Several articles have been written about the youth unemployment problem in Uganda. Even more articles are written with potential solutions to it. The solutions range from government policy changes to promoting youth entrepreneurship to pushing for more investment in the country. If you’re new to this issue, here is a brief breakdown.
78% of Uganda’s population is below the age of 30years. With a life expectancy averaged 59, and yet the retirement age is at 65 (for most private organisations), statistically there are literally more chances of jobs opening up due to death than there are due to retirement.
Already the chances of getting a job because someone has retired are slim, the Labour statistics indicate that there are more youth below the ages of 35 employed than there are older people. This is coupled with the fact that according to Enterprise Uganda 500,000 people are expected to enter the labour market every year vis a’ vis the 9000 jobs that are created.
To show the severity of the matter, in July 2017, the New Vision run an article in which they stated that a record 10,000 people turned up for 27 job slots that had been advertised by Parliament. Of these only 4,000 were shortlisted. In short; there are more people than jobs available.
There are plenty of statistics if you lookout for them especially online. On the face they are boring numbers but beneath, they are actually a wealth of insights on this issue.
You see unemployment simply means that there are no jobs. Jobs are basically tasks that one can engage in to create value that can be paid for.
Question: Is it really true that there are no tasks in Uganda for us youth to engage in in return for money?
I often sit with my friends and talk about possibilities of things that we could do. DREAMS and VISIONS arising from the inexperienced point of view of the young people that we are. You see, youth have one unique ability that human beings lose with age and experience. The ability to see opportunities in our economy. In fact our final year proposals in university, our aspirations when we write our first CV in life, the various ambitious poorly thought through proposals that get shot down or ignored in company email systems, and millions more of ideas that never get acted on are all evidence that there are things that equal to tasks that could create value uniquely for Uganda.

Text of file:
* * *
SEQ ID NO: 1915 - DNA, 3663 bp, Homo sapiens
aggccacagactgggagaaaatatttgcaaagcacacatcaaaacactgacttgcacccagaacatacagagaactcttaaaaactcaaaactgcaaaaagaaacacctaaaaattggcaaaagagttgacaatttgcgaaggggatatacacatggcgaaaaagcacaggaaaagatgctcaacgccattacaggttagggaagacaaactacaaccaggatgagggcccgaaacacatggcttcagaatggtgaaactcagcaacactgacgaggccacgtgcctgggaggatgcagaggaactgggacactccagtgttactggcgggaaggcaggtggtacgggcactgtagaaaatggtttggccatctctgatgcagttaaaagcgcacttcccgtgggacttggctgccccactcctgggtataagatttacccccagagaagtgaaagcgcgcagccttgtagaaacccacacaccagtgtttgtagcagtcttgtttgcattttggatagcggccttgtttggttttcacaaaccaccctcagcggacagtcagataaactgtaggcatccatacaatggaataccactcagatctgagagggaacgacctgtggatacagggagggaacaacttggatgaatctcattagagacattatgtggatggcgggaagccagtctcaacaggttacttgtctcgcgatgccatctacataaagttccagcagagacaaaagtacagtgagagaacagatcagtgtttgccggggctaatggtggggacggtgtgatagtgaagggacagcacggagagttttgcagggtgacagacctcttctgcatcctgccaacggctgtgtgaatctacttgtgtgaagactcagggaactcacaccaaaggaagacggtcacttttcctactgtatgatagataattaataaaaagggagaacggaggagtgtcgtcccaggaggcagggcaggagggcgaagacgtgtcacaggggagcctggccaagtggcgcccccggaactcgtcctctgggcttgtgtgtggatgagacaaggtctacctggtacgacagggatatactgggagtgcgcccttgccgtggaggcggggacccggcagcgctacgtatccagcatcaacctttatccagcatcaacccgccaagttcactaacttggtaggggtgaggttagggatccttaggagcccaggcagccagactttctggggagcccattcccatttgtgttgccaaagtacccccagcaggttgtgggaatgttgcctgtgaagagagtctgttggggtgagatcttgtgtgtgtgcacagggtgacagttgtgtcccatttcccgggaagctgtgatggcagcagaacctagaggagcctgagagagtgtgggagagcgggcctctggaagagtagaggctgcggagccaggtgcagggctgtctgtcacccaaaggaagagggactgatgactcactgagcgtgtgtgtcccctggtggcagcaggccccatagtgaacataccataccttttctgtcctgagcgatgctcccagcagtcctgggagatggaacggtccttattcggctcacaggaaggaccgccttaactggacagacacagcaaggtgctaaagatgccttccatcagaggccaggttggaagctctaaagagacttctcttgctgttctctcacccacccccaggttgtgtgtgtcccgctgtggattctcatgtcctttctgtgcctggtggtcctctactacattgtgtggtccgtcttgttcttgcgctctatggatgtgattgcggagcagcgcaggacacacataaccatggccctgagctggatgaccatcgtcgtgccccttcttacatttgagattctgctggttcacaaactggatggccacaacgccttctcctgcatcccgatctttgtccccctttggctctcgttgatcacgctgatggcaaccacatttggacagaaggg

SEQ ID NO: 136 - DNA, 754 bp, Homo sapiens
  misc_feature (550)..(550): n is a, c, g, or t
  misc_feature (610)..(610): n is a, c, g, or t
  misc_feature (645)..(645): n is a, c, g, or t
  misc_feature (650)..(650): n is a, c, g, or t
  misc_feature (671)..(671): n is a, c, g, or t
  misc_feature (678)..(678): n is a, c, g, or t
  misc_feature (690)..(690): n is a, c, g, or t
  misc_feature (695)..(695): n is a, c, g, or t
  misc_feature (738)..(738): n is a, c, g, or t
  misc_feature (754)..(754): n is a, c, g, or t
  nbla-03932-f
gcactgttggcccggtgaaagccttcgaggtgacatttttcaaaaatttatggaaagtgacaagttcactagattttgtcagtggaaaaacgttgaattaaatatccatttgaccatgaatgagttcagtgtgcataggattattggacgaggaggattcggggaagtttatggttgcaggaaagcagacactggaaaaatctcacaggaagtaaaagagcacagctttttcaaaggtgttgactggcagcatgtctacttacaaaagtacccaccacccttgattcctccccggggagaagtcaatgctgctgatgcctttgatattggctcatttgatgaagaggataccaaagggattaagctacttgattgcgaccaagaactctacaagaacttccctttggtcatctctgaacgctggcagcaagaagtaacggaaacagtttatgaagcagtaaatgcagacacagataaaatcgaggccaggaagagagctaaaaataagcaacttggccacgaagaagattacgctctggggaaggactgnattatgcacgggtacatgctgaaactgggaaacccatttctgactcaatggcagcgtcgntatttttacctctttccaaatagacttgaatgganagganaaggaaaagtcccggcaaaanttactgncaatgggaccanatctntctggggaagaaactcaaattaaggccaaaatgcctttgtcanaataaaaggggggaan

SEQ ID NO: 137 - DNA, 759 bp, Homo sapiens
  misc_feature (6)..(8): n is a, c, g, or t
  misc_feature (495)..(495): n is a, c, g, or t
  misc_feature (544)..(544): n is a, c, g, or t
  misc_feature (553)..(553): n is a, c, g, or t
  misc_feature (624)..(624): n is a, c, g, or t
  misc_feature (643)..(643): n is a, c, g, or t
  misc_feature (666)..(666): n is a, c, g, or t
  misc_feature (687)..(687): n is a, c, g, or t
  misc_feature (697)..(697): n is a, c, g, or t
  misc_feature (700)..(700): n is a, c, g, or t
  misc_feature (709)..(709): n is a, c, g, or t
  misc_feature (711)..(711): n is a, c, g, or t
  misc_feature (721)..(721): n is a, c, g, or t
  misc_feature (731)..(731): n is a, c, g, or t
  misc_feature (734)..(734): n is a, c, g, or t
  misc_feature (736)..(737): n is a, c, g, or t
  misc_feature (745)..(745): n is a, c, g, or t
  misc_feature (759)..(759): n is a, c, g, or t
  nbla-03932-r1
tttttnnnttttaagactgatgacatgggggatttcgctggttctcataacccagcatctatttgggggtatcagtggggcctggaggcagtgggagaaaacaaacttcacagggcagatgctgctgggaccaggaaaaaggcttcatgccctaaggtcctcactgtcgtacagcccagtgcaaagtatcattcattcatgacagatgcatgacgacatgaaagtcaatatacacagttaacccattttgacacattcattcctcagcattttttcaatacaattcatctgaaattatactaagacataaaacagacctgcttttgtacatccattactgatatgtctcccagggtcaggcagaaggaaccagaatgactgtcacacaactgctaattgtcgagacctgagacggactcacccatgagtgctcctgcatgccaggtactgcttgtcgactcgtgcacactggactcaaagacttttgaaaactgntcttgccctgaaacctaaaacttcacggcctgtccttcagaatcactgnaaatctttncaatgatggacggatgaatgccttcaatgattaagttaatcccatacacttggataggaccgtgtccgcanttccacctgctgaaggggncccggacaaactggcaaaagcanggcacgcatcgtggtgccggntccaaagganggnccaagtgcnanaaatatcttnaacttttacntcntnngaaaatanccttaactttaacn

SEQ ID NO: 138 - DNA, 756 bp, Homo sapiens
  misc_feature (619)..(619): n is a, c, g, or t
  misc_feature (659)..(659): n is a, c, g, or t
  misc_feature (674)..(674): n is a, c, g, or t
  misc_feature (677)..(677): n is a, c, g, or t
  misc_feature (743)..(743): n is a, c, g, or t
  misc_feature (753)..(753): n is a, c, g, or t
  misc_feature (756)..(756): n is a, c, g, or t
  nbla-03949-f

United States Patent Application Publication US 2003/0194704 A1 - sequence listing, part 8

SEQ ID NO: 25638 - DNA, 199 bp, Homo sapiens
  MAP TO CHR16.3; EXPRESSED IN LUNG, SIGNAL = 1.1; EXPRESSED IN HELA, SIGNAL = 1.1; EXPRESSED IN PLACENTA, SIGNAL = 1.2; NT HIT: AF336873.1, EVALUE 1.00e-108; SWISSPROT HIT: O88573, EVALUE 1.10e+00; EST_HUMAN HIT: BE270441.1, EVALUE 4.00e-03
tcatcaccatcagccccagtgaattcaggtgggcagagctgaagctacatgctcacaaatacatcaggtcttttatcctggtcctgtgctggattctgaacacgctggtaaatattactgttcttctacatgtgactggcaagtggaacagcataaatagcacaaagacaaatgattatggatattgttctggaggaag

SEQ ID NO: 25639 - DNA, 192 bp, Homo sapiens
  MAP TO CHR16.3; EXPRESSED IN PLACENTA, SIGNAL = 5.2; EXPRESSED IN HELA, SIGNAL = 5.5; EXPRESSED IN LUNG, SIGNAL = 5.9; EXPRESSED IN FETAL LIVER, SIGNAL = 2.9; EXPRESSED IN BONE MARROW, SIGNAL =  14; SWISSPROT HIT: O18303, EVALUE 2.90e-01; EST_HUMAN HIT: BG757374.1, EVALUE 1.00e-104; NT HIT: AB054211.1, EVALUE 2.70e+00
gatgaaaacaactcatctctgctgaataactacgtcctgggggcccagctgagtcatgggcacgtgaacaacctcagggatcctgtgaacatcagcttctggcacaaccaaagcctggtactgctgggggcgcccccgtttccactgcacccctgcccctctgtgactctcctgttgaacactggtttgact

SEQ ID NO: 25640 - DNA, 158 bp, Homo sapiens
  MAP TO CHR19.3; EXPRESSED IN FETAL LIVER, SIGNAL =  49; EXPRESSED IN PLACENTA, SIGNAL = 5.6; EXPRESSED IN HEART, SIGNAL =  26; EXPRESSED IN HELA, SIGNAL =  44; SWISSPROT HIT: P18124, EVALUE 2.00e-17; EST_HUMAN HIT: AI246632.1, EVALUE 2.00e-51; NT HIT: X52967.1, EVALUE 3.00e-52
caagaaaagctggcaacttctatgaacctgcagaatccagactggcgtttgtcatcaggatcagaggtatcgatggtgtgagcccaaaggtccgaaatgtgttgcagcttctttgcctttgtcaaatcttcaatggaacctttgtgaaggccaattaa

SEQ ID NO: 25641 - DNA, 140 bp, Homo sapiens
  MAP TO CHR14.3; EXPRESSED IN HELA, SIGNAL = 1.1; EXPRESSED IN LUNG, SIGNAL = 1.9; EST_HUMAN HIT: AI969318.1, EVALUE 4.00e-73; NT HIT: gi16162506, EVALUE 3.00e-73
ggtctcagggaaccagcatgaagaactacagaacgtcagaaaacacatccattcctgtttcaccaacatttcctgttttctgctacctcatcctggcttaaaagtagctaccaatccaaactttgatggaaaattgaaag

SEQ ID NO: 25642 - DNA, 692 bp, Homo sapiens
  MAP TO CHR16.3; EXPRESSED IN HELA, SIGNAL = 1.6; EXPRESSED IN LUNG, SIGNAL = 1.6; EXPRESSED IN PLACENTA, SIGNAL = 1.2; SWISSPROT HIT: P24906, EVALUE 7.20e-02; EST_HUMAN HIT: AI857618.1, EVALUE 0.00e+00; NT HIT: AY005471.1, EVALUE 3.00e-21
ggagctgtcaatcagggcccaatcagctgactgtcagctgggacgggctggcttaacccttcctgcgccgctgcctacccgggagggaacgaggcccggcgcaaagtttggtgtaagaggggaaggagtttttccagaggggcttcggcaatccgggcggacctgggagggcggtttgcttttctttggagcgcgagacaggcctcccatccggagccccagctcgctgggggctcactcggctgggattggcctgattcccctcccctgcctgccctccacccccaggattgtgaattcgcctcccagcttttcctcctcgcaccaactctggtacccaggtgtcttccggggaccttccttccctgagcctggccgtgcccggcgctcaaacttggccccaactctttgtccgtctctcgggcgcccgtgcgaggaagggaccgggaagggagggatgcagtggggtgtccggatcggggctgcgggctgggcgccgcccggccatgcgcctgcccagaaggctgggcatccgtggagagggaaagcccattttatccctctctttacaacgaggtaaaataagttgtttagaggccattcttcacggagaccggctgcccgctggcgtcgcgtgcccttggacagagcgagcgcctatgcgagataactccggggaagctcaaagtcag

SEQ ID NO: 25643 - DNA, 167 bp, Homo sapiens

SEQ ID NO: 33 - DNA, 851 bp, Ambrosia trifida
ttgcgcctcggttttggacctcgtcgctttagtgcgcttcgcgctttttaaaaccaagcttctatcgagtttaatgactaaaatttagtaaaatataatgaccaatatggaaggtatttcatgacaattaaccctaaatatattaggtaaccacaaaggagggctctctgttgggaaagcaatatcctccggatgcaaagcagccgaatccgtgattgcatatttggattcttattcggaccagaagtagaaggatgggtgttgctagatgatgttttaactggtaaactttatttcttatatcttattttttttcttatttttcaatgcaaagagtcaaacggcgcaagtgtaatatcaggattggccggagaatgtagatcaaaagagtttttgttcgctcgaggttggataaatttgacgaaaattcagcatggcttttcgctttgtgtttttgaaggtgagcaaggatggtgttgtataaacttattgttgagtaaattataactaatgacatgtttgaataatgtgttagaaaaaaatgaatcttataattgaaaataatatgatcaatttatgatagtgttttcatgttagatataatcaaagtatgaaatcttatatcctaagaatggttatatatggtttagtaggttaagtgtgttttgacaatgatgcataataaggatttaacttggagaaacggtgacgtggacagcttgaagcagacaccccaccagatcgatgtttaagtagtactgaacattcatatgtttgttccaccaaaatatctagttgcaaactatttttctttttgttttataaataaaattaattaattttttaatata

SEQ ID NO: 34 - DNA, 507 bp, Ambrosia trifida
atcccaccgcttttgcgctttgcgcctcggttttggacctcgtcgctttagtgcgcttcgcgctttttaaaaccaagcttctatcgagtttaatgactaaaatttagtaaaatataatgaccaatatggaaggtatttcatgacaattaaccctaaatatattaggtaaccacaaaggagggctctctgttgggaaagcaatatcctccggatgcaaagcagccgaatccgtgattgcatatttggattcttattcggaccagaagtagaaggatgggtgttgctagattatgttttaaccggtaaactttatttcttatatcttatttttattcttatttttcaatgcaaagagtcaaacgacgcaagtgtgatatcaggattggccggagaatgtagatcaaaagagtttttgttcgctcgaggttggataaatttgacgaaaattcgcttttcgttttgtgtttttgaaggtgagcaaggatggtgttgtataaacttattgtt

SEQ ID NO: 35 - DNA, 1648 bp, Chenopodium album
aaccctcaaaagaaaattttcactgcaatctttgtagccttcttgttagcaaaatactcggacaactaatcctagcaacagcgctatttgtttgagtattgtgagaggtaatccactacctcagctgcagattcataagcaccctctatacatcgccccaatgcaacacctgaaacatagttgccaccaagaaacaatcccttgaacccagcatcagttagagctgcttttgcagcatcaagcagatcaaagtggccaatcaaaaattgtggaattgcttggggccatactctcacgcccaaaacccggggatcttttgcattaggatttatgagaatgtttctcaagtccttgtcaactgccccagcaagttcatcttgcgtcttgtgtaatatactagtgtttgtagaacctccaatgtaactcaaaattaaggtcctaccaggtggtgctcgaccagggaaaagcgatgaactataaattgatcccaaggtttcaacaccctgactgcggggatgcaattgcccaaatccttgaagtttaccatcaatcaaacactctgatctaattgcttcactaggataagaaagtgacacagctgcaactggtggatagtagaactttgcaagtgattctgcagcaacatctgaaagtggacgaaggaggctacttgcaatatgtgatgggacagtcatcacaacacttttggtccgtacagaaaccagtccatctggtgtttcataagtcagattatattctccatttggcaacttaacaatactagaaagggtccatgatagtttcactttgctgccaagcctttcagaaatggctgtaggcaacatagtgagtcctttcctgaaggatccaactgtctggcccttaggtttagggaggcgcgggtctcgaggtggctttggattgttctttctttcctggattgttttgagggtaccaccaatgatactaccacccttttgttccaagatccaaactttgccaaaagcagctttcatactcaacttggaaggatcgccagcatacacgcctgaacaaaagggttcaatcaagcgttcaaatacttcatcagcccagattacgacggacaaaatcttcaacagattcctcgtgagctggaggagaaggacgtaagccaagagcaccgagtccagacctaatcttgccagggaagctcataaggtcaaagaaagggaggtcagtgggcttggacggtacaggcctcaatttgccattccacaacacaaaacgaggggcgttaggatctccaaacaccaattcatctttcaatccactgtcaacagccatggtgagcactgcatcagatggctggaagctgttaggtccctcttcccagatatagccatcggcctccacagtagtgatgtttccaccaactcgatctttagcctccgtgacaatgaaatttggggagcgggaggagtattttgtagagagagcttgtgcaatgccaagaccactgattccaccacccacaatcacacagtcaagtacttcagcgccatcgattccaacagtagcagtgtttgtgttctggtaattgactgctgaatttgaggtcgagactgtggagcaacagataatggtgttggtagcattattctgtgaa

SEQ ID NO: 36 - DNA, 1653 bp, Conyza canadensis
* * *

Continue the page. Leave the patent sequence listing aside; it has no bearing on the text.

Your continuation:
So again I ask; is it that there are no jobs for us or is it that our opportunities have not been structured into jobs in this economy?
Is it possible that when they say become a entrepreneur or create your own opportunities they mean that we need to however painfully find ways to make these tasks into jobs by ourselves?
But then again, we do not have resources to commit to these tasks. So how do we take our ideas and make them into jobs rather than do what most of us end up doing? You see, most of us end up settling for basic jobs that are available because created opportunities are so few and frankly speaking we have the pressure on us to contribute to big families and younger siblings who are still in school and etc. We have the pressures of youth. We want to be fly and drive around early like our better placed friends and then we also have the bad luck of being millennials.
A key characteristic of millennials and centennials is our sense of entitlement. It’s not easy settling for a clerk’s job while being more qualified. To endure the denial required to build something of your own is a unique characteristic that many Uganda youth lack. It’s a characteristics that successful Ugandan youth have discovered though.
Simple really; there is a lack of structured jobs for you to do. There is also plenty of tasks waiting to be done that you could be paid for that are not structured. It seems that you, fellow young person need to find things that are needed so that you can do them and start getting paid.
WORK DONE = WORK to BE PAID FOR.
That is what the economy is made up of. If opportunity is not being given to you, identify it, research solutions and go take the opportunity by ‘force!’